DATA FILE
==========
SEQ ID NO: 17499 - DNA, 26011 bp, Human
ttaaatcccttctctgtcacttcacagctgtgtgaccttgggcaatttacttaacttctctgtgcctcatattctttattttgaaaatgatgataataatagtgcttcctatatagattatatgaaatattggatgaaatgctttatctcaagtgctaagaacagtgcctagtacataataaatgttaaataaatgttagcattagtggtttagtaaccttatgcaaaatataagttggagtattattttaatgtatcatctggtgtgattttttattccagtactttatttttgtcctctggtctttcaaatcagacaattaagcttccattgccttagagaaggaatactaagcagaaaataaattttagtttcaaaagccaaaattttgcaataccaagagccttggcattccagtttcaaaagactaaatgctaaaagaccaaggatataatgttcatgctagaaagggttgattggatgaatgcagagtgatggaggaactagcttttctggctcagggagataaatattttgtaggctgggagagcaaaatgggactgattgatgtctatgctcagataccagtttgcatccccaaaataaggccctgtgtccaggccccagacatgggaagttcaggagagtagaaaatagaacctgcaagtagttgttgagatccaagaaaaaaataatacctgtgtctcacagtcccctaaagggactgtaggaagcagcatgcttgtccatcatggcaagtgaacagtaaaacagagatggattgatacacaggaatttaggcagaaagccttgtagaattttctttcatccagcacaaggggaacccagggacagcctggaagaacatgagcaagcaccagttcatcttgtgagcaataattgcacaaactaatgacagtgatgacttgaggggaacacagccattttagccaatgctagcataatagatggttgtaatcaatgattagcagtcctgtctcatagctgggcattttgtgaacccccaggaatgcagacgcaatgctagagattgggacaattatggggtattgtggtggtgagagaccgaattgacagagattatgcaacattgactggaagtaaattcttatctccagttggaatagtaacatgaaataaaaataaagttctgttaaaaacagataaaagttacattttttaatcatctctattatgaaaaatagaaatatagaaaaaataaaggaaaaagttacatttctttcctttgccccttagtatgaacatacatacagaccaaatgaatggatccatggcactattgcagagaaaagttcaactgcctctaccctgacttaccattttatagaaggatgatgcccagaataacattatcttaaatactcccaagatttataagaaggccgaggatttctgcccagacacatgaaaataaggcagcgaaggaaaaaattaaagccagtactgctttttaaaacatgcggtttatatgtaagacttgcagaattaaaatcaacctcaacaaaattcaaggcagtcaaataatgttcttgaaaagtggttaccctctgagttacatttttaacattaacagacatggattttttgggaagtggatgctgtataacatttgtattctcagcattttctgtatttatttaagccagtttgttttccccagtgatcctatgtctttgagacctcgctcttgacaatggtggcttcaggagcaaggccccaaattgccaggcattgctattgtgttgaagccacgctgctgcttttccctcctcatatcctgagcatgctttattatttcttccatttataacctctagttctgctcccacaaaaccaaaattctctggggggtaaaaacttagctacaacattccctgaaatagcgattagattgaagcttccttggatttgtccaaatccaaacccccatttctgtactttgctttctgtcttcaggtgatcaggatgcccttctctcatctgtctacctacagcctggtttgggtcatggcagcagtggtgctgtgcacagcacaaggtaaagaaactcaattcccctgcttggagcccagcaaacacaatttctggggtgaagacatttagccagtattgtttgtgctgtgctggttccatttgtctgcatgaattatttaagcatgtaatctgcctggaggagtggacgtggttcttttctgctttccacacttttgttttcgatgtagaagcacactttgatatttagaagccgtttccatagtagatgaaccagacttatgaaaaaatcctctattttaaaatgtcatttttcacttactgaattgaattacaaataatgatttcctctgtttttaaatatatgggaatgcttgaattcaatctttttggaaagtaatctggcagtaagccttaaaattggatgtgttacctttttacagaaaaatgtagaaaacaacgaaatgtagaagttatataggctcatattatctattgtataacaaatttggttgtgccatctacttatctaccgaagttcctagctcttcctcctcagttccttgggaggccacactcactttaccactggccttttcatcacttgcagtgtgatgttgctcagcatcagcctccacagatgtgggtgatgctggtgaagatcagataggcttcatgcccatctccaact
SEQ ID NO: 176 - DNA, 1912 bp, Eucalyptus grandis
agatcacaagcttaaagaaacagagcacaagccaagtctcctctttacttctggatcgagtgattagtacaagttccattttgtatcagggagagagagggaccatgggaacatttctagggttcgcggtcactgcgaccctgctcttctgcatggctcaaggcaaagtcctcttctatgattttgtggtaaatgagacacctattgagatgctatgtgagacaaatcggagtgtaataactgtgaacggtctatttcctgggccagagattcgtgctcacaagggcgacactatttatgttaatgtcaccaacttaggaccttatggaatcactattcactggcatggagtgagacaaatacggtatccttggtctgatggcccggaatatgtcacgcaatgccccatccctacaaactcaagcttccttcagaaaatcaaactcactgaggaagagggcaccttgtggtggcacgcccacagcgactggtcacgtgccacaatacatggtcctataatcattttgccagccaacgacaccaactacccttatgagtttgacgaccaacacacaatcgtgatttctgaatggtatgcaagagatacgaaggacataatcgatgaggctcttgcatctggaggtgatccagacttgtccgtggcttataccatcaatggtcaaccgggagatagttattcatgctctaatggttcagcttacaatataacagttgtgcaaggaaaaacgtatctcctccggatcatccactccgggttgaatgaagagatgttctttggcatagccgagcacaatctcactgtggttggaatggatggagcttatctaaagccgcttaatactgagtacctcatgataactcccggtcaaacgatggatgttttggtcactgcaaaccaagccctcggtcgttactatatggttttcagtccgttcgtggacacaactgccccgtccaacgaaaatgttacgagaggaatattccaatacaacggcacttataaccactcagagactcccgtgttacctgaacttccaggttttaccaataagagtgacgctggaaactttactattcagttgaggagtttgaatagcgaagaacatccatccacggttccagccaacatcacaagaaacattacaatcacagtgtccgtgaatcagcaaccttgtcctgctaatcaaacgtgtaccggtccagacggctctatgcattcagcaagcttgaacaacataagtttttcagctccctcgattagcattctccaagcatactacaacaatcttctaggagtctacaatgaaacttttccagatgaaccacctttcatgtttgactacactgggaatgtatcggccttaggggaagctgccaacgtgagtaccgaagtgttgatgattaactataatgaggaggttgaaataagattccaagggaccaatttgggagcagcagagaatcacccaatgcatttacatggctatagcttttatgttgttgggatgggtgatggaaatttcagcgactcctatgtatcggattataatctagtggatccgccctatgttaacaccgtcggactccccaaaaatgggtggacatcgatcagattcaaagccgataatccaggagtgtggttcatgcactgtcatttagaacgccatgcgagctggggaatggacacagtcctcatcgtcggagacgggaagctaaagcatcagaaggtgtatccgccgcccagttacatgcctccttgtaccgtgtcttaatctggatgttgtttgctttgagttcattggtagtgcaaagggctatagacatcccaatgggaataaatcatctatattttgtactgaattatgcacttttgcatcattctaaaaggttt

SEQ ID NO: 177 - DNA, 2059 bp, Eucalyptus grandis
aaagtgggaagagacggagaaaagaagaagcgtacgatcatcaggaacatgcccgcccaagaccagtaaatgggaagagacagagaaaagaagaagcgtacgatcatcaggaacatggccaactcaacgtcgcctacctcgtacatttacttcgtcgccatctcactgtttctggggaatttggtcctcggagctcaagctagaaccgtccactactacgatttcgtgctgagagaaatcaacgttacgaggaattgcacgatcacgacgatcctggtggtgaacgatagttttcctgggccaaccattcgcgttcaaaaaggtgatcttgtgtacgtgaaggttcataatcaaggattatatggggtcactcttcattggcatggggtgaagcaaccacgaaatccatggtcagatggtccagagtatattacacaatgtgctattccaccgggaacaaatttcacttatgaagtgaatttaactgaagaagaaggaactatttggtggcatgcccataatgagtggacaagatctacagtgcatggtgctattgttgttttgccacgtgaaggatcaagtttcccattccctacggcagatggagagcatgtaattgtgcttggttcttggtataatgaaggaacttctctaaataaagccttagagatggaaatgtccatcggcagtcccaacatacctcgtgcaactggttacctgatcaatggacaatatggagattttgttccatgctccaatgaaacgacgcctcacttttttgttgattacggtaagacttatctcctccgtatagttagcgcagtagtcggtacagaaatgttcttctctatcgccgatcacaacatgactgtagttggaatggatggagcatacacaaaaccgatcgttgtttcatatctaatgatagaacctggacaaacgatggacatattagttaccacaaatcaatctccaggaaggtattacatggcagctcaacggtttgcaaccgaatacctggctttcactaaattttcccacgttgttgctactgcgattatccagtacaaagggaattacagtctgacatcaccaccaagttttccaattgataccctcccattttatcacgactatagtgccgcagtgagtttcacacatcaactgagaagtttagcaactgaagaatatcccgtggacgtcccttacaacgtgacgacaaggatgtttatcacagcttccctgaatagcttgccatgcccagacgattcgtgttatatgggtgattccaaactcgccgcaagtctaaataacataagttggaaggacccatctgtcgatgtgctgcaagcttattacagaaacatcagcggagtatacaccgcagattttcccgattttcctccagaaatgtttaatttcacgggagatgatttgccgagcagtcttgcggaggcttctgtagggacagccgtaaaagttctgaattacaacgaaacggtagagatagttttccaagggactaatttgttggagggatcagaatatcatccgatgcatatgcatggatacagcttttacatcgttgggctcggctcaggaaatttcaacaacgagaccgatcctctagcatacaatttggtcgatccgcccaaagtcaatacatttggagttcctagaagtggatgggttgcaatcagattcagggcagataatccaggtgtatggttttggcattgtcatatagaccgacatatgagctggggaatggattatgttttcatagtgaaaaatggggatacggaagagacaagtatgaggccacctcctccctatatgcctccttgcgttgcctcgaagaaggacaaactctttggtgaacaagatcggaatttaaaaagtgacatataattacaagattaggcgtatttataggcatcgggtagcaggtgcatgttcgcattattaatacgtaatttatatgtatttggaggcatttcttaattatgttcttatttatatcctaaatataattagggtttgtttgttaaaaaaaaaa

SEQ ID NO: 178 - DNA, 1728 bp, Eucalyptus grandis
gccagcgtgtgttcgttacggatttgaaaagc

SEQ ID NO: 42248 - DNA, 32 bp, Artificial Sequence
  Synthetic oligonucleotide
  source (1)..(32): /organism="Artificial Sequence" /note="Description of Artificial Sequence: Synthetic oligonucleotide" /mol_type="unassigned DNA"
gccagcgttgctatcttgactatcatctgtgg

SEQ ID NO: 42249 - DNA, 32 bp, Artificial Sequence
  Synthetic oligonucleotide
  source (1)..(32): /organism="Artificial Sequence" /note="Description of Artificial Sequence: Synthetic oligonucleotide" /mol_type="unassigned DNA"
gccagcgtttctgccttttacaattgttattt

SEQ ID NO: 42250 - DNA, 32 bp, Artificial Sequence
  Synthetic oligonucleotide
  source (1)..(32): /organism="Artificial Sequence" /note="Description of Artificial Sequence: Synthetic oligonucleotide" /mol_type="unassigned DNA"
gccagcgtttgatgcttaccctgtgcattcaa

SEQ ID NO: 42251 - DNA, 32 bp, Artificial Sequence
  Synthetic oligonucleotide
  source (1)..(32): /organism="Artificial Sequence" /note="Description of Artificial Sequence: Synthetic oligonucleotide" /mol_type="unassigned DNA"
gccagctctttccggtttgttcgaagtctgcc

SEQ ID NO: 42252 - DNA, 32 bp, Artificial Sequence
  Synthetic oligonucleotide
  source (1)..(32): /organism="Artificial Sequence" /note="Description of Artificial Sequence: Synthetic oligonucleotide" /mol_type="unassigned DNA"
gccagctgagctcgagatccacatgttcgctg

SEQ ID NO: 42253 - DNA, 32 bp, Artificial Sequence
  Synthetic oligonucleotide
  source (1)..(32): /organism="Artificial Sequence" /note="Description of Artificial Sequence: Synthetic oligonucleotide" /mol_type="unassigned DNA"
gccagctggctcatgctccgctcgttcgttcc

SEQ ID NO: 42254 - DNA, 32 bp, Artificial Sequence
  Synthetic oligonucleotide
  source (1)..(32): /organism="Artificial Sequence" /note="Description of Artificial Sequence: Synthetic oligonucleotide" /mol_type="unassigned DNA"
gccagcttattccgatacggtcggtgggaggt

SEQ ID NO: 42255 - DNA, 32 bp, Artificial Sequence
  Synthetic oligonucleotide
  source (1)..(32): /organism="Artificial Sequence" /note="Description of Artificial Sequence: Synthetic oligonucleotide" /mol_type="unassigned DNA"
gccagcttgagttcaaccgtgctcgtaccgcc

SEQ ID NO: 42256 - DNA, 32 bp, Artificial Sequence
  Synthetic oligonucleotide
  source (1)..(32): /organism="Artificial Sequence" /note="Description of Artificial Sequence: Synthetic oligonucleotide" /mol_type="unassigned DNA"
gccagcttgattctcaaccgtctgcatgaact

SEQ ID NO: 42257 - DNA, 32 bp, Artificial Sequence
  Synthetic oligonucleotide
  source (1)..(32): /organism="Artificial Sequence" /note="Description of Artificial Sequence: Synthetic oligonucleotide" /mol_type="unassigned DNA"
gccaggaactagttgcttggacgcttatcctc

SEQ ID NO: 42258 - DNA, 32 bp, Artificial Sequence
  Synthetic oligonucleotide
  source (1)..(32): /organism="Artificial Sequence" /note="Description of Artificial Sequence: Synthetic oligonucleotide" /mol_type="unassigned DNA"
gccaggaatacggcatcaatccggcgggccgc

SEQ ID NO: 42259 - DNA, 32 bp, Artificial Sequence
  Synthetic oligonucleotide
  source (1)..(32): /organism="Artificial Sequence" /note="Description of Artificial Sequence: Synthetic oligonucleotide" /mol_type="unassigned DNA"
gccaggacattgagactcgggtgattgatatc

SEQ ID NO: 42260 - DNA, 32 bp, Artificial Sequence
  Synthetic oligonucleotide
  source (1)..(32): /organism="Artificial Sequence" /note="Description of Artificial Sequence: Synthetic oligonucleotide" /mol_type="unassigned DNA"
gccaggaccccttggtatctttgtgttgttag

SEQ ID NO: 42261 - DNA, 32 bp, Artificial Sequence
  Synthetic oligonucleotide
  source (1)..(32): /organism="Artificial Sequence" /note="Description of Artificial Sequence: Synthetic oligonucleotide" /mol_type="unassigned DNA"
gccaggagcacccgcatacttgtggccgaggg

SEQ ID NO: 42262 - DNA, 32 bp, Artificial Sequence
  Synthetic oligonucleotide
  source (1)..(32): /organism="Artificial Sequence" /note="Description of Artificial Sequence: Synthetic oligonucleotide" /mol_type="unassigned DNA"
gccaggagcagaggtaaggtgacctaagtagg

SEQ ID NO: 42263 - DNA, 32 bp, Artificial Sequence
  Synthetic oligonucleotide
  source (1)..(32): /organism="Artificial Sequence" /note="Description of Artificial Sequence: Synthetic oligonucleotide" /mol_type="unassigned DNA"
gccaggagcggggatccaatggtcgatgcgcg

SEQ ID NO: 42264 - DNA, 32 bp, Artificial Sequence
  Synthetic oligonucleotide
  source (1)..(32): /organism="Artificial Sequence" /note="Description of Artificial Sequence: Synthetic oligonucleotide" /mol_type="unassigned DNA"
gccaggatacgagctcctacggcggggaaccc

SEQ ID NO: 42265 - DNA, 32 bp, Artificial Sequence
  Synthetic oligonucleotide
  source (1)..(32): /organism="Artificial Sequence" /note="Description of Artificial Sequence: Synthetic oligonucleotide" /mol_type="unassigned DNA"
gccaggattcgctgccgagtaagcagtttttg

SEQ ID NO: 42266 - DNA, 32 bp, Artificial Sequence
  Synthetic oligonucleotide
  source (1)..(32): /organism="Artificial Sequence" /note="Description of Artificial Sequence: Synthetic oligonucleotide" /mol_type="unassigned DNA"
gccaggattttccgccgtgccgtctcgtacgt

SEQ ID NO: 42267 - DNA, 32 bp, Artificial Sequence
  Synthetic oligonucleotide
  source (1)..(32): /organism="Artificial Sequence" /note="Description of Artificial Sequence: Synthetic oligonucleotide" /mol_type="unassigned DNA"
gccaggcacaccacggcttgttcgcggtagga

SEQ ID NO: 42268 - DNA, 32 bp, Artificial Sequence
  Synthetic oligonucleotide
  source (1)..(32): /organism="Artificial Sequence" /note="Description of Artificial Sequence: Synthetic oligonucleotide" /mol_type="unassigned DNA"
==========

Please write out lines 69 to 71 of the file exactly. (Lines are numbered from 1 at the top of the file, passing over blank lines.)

SEQ ID NO: 42263 - DNA, 32 bp, Artificial Sequence
  Synthetic oligonucleotide
  source (1)..(32): /organism="Artificial Sequence" /note="Description of Artificial Sequence: Synthetic oligonucleotide" /mol_type="unassigned DNA"